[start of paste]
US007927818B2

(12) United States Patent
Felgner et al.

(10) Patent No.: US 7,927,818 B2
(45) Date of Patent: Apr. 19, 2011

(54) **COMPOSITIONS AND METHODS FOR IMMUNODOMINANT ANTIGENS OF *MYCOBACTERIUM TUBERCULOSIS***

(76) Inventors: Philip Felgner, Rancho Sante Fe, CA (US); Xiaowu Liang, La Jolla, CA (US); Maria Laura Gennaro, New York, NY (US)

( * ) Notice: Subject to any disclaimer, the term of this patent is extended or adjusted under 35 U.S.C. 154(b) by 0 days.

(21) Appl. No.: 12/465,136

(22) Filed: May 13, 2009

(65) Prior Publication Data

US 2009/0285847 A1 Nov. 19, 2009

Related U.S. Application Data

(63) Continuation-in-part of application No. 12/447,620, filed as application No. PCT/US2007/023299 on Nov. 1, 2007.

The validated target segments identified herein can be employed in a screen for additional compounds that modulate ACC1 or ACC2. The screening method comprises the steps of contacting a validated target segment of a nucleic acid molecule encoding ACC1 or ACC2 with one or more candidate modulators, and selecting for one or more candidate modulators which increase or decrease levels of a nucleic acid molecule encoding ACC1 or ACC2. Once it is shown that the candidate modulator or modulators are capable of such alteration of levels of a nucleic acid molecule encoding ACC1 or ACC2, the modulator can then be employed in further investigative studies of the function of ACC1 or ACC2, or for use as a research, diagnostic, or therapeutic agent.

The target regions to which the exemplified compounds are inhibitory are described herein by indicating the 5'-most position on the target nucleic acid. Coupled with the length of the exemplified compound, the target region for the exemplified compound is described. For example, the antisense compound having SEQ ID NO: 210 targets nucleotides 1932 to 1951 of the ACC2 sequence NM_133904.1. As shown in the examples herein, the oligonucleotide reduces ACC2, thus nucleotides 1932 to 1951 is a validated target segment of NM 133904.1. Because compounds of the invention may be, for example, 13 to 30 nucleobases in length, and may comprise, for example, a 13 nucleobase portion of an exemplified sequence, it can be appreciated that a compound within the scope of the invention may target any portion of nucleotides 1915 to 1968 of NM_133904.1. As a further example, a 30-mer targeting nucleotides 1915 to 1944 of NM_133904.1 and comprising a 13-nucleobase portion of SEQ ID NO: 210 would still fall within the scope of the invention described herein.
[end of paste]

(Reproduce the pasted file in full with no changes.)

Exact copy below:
US007927818B2

(12) United States Patent
Felgner et al.

(10) Patent No.: US 7,927,818 B2
(45) Date of Patent: Apr. 19, 2011

(54) **COMPOSITIONS AND METHODS FOR IMMUNODOMINANT ANTIGENS OF *MYCOBACTERIUM TUBERCULOSIS***

(76) Inventors: Philip Felgner, Rancho Sante Fe, CA (US); Xiaowu Liang, La Jolla, CA (US); Maria Laura Gennaro, New York, NY (US)

( * ) Notice: Subject to any disclaimer, the term of this patent is extended or adjusted under 35 U.S.C. 154(b) by 0 days.

(21) Appl. No.: 12/465,136

(22) Filed: May 13, 2009

(65) Prior Publication Data

US 2009/0285847 A1 Nov. 19, 2009

Related U.S. Application Data

(63) Continuation-in-part of application No. 12/447,620, filed as application No. PCT/US2007/023299 on Nov. 1, 2007.

The validated target segments identified herein can be employed in a screen for additional compounds that modulate ACC1 or ACC2. The screening method comprises the steps of contacting a validated target segment of a nucleic acid molecule encoding ACC1 or ACC2 with one or more candidate modulators, and selecting for one or more candidate modulators which increase or decrease levels of a nucleic acid molecule encoding ACC1 or ACC2. Once it is shown that the candidate modulator or modulators are capable of such alteration of levels of a nucleic acid molecule encoding ACC1 or ACC2, the modulator can then be employed in further investigative studies of the function of ACC1 or ACC2, or for use as a research, diagnostic, or therapeutic agent.

The target regions to which the exemplified compounds are inhibitory are described herein by indicating the 5'-most position on the target nucleic acid. Coupled with the length of the exemplified compound, the target region for the exemplified compound is described. For example, the antisense compound having SEQ ID NO: 210 targets nucleotides 1932 to 1951 of the ACC2 sequence NM_133904.1. As shown in the examples herein, the oligonucleotide reduces ACC2, thus nucleotides 1932 to 1951 is a validated target segment of NM 133904.1. Because compounds of the invention may be, for example, 13 to 30 nucleobases in length, and may comprise, for example, a 13 nucleobase portion of an exemplified sequence, it can be appreciated that a compound within the scope of the invention may target any portion of nucleotides 1915 to 1968 of NM_133904.1. As a further example, a 30-mer targeting nucleotides 1915 to 1944 of NM_133904.1 and comprising a 13-nucleobase portion of SEQ ID NO: 210 would still fall within the scope of the invention described herein.